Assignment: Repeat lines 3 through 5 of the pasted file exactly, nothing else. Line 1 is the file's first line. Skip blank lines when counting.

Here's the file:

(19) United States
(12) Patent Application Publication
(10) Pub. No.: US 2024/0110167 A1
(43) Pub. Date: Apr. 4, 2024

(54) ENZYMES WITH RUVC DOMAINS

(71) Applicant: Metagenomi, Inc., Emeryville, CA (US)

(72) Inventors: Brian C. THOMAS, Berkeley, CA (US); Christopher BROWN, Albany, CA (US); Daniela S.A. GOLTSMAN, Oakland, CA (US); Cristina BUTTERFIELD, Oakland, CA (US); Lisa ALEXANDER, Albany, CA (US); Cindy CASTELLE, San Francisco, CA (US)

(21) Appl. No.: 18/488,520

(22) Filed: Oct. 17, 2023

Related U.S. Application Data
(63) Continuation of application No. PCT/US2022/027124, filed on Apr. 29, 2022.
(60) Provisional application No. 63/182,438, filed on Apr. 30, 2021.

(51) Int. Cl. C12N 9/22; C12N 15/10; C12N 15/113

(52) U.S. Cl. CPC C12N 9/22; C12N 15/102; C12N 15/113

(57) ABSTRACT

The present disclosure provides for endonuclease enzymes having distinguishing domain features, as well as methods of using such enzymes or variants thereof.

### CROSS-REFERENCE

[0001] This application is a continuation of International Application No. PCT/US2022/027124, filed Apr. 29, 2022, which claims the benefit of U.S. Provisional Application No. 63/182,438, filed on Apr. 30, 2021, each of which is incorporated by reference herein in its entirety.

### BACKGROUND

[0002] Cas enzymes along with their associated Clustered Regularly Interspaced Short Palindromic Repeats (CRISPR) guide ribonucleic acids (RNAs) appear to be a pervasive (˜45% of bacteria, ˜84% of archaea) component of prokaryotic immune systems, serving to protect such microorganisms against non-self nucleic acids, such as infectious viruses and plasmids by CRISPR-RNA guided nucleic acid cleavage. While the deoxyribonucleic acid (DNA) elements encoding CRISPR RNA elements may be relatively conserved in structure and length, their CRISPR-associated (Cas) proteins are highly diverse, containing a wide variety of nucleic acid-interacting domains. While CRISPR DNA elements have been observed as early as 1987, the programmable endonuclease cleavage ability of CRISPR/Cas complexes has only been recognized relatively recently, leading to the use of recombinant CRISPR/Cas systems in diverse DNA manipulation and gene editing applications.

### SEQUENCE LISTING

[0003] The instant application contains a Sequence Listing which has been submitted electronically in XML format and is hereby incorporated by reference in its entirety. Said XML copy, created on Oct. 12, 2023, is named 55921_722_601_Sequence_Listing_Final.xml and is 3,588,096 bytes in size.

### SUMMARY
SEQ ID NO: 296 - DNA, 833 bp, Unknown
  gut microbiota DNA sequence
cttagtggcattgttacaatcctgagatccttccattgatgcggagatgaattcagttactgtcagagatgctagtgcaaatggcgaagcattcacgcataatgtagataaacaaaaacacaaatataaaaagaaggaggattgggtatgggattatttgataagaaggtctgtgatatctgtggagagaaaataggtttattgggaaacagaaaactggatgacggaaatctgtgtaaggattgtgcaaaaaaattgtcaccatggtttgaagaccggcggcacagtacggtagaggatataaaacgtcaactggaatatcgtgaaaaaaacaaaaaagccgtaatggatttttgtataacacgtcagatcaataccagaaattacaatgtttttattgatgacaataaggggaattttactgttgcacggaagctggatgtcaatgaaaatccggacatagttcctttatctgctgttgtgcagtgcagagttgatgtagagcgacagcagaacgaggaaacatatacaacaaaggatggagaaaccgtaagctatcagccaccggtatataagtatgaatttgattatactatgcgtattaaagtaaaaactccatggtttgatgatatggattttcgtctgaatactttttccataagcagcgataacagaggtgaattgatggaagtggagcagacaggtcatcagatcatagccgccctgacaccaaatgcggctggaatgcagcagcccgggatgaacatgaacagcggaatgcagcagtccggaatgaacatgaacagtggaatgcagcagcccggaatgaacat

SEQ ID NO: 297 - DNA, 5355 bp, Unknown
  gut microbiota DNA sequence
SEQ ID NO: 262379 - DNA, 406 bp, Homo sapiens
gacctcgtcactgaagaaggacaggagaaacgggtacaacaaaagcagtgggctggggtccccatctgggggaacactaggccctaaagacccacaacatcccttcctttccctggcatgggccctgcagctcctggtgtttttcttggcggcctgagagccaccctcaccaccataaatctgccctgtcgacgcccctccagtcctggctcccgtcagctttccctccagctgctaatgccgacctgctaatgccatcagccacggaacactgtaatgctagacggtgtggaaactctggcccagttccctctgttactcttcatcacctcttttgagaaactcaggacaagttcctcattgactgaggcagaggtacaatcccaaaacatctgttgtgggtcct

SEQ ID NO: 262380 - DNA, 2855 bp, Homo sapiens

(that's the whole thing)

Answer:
(10) Pub. No.: US 2024/0110167 A1
(43) Pub. Date: Apr. 4, 2024

(54) ENZYMES WITH RUVC DOMAINS